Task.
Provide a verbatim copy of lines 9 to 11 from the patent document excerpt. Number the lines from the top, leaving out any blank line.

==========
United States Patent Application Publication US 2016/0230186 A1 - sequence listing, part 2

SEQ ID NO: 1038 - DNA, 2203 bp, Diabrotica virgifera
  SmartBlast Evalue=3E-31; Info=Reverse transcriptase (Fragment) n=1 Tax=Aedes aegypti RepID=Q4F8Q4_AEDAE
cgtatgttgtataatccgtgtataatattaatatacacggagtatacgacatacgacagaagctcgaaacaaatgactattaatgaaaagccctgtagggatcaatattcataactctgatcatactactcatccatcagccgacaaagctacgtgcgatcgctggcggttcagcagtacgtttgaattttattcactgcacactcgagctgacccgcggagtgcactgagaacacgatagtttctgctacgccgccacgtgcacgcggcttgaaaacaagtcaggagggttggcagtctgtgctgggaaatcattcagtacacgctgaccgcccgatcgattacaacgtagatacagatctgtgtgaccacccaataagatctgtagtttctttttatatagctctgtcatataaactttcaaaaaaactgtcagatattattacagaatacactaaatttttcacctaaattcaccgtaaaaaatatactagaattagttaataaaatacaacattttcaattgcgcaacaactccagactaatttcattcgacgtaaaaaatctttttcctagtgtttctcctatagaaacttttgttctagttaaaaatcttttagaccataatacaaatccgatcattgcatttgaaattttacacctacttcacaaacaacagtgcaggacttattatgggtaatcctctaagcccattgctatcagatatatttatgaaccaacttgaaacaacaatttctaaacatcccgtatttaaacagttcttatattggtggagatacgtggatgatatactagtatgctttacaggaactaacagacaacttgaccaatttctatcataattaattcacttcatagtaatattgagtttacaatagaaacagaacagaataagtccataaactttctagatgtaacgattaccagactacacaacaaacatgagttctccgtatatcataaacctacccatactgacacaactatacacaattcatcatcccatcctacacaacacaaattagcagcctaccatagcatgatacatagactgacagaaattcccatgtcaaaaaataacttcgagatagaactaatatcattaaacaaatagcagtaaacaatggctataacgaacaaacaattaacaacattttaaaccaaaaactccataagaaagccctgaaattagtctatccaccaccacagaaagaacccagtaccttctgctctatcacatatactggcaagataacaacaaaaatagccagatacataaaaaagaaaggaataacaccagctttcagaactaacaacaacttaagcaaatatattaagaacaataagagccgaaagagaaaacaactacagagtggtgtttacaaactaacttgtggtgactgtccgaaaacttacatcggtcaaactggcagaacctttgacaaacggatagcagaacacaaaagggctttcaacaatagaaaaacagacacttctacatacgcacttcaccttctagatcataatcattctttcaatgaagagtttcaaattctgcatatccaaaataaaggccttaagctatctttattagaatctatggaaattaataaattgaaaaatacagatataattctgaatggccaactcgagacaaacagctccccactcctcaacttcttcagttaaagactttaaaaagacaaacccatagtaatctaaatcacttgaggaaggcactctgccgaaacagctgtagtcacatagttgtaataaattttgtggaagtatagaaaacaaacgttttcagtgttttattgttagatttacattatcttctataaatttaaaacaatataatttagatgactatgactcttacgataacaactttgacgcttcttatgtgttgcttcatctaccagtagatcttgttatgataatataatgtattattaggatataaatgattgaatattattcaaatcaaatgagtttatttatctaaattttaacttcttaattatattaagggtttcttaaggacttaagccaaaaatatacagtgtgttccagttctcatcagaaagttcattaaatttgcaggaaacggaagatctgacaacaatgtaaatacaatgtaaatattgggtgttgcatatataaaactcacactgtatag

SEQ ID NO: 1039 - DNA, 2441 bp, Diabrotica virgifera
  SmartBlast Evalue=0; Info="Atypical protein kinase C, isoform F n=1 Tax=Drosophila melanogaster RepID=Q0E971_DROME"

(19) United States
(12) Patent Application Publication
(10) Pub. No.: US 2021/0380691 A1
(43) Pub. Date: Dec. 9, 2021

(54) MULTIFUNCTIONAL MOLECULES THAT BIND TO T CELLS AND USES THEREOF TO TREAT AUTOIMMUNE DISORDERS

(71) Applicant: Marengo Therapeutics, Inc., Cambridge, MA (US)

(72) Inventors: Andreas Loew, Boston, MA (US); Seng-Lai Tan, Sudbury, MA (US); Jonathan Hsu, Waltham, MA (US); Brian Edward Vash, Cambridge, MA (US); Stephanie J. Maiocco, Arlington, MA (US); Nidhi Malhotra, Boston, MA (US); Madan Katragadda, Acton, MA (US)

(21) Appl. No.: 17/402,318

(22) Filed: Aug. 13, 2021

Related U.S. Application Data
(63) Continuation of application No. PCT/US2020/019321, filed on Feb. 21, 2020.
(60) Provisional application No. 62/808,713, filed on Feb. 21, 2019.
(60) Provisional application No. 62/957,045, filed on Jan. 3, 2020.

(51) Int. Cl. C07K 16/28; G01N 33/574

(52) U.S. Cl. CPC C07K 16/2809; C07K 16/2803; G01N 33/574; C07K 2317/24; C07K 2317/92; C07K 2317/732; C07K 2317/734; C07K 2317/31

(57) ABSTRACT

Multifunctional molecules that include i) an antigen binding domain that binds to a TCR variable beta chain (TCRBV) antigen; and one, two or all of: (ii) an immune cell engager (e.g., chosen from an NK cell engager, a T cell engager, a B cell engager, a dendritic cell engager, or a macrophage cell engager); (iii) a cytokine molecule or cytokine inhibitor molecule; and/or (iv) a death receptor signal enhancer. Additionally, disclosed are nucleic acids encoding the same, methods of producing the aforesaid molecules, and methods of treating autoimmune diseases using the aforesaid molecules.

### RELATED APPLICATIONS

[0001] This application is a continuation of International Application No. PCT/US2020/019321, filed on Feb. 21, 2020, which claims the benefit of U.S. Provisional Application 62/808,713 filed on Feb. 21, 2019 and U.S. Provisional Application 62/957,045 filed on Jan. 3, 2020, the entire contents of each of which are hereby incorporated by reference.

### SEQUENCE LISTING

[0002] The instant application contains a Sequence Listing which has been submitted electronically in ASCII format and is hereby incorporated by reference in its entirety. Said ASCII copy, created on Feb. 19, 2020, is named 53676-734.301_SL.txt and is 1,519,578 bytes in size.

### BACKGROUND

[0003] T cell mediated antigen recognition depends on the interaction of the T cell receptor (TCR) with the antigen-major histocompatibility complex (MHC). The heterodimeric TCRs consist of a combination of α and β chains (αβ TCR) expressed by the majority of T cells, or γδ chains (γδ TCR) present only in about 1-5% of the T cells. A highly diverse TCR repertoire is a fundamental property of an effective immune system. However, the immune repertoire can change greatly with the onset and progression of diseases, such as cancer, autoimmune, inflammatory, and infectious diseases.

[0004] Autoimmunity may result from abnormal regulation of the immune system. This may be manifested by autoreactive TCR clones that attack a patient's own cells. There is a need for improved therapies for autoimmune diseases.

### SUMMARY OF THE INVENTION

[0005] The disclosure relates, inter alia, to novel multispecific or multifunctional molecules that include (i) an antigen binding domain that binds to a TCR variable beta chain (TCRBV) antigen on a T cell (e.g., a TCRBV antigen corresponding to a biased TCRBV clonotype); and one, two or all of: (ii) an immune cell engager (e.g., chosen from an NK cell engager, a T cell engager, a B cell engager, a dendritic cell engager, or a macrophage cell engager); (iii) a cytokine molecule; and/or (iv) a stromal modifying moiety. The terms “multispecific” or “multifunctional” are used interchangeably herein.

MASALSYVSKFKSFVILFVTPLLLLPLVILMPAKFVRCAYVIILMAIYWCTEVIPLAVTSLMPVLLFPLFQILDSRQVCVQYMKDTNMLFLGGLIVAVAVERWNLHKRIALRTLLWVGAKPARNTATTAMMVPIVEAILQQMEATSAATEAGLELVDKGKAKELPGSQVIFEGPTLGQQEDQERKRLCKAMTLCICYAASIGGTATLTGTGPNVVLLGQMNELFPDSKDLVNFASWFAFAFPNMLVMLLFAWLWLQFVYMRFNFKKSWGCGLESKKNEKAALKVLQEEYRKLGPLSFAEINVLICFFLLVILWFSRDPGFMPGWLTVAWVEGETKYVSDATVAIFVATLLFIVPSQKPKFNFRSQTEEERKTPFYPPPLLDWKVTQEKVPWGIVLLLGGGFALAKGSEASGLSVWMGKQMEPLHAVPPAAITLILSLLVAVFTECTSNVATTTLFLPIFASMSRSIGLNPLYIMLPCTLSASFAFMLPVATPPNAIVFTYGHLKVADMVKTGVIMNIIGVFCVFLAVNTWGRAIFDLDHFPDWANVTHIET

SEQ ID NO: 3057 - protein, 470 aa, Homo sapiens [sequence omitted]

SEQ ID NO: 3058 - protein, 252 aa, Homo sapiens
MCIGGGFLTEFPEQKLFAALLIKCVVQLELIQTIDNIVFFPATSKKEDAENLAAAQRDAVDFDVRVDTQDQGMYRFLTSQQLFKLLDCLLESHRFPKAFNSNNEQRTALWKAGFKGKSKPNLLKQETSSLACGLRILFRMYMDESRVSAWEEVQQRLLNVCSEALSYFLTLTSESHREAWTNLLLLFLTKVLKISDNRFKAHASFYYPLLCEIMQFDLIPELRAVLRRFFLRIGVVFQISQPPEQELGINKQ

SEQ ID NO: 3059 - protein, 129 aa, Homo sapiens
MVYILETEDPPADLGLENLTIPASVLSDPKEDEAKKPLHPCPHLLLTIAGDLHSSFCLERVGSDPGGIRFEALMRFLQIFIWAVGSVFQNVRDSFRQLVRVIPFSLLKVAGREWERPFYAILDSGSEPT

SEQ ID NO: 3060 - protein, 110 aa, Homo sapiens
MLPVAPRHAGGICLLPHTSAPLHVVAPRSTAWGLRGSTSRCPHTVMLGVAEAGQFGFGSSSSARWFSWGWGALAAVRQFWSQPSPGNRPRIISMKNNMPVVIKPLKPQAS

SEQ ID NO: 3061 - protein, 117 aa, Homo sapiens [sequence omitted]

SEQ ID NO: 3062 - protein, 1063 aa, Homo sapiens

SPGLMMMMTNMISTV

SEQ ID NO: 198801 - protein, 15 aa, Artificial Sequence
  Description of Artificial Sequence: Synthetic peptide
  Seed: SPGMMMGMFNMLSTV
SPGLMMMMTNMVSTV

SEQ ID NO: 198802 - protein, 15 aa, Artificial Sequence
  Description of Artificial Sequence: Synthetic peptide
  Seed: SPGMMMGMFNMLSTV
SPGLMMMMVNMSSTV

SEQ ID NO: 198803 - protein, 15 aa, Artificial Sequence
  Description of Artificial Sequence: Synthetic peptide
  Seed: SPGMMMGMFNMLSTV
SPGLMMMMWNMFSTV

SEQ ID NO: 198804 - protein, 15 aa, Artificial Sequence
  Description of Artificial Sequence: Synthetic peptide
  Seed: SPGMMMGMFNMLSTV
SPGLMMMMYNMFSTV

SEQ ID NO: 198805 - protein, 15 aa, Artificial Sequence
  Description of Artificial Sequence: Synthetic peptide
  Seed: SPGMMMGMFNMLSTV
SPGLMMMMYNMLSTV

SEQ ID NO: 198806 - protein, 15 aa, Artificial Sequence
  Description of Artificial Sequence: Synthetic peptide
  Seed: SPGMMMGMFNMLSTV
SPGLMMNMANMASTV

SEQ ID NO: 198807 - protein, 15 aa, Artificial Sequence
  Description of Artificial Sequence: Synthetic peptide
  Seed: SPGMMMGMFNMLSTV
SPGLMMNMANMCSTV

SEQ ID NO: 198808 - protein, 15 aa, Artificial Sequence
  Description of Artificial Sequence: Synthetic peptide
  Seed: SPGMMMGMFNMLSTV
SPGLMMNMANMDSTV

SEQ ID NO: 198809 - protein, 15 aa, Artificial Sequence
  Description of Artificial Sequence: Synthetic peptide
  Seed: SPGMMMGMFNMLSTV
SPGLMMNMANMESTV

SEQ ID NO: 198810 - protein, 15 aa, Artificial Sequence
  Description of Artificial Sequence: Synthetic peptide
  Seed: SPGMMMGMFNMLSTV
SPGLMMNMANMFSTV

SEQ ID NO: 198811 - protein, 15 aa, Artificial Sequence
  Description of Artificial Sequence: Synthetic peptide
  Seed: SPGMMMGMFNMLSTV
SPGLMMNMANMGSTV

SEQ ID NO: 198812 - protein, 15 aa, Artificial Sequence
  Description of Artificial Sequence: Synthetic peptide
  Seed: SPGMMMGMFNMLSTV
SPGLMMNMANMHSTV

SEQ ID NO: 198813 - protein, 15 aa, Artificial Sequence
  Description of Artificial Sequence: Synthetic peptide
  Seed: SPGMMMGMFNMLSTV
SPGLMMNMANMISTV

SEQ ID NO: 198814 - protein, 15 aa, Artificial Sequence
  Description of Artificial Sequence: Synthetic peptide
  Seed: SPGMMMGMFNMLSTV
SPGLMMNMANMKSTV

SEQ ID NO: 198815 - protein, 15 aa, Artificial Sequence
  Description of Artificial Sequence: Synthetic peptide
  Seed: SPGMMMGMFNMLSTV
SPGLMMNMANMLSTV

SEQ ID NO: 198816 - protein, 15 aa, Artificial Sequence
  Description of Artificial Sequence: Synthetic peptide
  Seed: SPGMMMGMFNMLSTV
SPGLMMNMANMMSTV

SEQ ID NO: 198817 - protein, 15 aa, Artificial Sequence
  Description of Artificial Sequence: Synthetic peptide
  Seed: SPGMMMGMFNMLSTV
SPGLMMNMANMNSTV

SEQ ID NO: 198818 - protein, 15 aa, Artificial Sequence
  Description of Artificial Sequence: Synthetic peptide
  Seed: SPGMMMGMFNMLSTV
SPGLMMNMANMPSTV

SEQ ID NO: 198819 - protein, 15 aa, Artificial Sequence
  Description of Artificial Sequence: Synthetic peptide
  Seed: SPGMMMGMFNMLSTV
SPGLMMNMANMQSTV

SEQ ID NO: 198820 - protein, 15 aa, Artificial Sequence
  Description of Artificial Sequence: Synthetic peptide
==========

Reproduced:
(10) Pub. No.: US 2021/0380691 A1
(43) Pub. Date: Dec. 9, 2021

(54) MULTIFUNCTIONAL MOLECULES THAT BIND TO T CELLS AND USES THEREOF TO TREAT AUTOIMMUNE DISORDERS